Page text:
Mining the miners was a tough job

Those who rushed to the Klondike in 1897 are often described as hard working, entrepreneurial and tough.

Those who rushed to the Klondike in 1897 are often described as hard working, entrepreneurial and tough.

The description also fits those who came to Dawson City to ply their trade in the oldest profession in the world: prostitution.

“When you have thousands of men heading North, you know what follows — women,” said Alice Cyr, who recently gave a talk at the MacBride Museum titled Prospectors and Prostitutes.

These shady ladies were some of Dawson’s most enterprising entrepreneurs when the town population exploded to make it the largest city in Canada west of Winnipeg.

The dance hall girls were there, too, and had considerably more respect than the other ladies of the night.

There were Molly Few Clothes, Oregon Mare, Nellie the Pig, Peahole Annie and of course Diamond Tooth Gertie.

More than 7,000 boats brought men — and a few women — to Dawson at the height of gold fever.

With some claims along the Klondike creeks producing hauls in excess of $100,000 in gold, the newly rich prospectors were too eager to part with their precious metal — many of the hustlers, gamblers and wayward fortune hunters had never been thrifty before, why start now?

And the women who made the treacherous journey to Dawson alongside the men were pleased to help.

Very few men brought their wives and families to the North and the dance hall girls and prostitutes did what they could to make the miners forget about home.

“These were the real hard-working girls,” said Cyr.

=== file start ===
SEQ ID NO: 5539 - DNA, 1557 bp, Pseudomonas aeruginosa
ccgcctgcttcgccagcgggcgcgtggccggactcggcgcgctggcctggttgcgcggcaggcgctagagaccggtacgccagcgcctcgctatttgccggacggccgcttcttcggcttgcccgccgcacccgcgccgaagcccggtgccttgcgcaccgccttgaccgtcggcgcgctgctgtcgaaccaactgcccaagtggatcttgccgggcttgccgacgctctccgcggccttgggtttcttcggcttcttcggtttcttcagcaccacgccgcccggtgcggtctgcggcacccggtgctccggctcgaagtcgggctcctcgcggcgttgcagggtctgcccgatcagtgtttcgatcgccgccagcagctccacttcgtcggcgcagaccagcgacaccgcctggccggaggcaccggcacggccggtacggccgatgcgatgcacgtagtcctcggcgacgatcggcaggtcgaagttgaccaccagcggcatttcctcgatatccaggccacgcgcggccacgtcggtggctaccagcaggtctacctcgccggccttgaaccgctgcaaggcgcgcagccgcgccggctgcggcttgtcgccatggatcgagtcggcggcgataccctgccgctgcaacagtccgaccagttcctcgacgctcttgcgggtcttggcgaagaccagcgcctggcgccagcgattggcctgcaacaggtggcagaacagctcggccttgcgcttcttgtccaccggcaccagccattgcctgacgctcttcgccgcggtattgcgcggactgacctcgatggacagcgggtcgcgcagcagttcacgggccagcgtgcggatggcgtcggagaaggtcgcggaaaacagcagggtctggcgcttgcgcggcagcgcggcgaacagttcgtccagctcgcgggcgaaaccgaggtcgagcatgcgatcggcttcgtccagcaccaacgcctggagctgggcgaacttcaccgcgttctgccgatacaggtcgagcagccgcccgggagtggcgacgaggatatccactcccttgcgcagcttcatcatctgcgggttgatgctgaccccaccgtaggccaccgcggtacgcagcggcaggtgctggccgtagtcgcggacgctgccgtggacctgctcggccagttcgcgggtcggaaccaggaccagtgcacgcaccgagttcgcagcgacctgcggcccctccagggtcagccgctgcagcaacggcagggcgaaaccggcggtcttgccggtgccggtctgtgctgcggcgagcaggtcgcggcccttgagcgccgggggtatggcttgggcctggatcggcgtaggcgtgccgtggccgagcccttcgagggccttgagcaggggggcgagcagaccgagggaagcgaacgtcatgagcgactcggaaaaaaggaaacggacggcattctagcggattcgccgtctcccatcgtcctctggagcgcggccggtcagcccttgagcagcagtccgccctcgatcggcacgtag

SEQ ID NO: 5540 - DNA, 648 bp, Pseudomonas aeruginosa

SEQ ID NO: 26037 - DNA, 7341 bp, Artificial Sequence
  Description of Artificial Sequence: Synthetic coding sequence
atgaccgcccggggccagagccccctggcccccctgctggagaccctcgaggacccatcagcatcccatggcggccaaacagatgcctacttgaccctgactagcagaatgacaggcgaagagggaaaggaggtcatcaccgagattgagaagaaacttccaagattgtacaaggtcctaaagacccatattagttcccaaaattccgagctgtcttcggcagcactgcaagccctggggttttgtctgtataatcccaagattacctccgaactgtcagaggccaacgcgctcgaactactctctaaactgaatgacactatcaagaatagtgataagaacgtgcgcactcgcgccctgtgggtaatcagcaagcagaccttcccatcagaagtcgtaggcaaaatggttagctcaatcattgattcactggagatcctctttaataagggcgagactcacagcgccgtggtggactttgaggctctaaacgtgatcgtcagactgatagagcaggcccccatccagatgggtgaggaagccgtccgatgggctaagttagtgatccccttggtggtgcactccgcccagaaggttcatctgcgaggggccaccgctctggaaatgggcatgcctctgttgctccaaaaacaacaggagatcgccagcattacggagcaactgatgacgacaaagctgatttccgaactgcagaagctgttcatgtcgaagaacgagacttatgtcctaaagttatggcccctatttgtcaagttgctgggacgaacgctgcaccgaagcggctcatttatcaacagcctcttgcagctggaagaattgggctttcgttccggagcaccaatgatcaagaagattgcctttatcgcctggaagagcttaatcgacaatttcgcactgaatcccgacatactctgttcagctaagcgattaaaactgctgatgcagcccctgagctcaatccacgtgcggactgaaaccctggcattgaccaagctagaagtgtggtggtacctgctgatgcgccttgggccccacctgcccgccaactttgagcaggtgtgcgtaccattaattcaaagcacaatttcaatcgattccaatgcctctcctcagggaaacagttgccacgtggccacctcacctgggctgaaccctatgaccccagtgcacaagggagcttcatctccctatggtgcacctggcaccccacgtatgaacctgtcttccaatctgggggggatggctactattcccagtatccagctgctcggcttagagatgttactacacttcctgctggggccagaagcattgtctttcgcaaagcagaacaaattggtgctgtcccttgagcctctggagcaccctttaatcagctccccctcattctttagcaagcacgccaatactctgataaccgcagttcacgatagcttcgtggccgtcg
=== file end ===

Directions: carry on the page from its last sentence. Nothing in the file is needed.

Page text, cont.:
“I admire them as much as I admire the prospectors. They endured the same hardships on the trail as the men.”

Which also meant the prostitutes gained respect from most of the miners going through the same trying journey to Dawson.

Enough respect, anyway, that Dawson officials had no problem building infrastructure to assist these ladies of ill repute.

When the Dawson prostitutes became too prevalent for RCMP standards, they were moved across the river to Louse Town in an attempt to curb the sex trade.

“Then the good civic-minded men of Dawson built a bridge across,” said Cyr.

While the good times rolled for the dance hall girls, the prostitutes had quite a different experience.

“They were used, as prostitutes are used today,” said Cyr. “It was the dance hall girls who made the good money. They were freelance and had boyfriends who were the Klondike Kings and saloon owners.”

Many of Dawson’s “daughters of joy” came from Eastern Europe. Most came under the thumb of a pimp — or ‘mack’ as it was known at the time — who closely watched the women.

The mack did not make it easy for the prostitutes to earn money.

“They were more used than getting rich because they were under the thumb of the macks,” said Cyr.

“You can bet your boots he wrung every nickel and dime from those girls to line his pockets.”

Just like in other frontier towns, in Colorado or California, that eventually became more established and stable, trouble began when the men started moving in their families.

“When the wives came, that’s when the friction began,” said Cyr.

Because of the way their clients worked — in the bush for weeks at a time with one set of clothes — the prostitutes weren’t always working with desirable men.

“You’d hope these men in town on a spree would have a bath before coming to see you,” said Cyr.

Prostitution was and is an underground economy, so exact numbers or realistic estimates of how many ladies walked the stroll in Dawson are impossible to come by, but Cyr said it could be near 1,000 if dance hall girls are included.

“They were serving a purpose in a time when these men were mostly young and unencumbered,” said Cyr.

“In a raw frontier setting when these men were in their prime, they were looking for a physical outlet. And some entertainment.”

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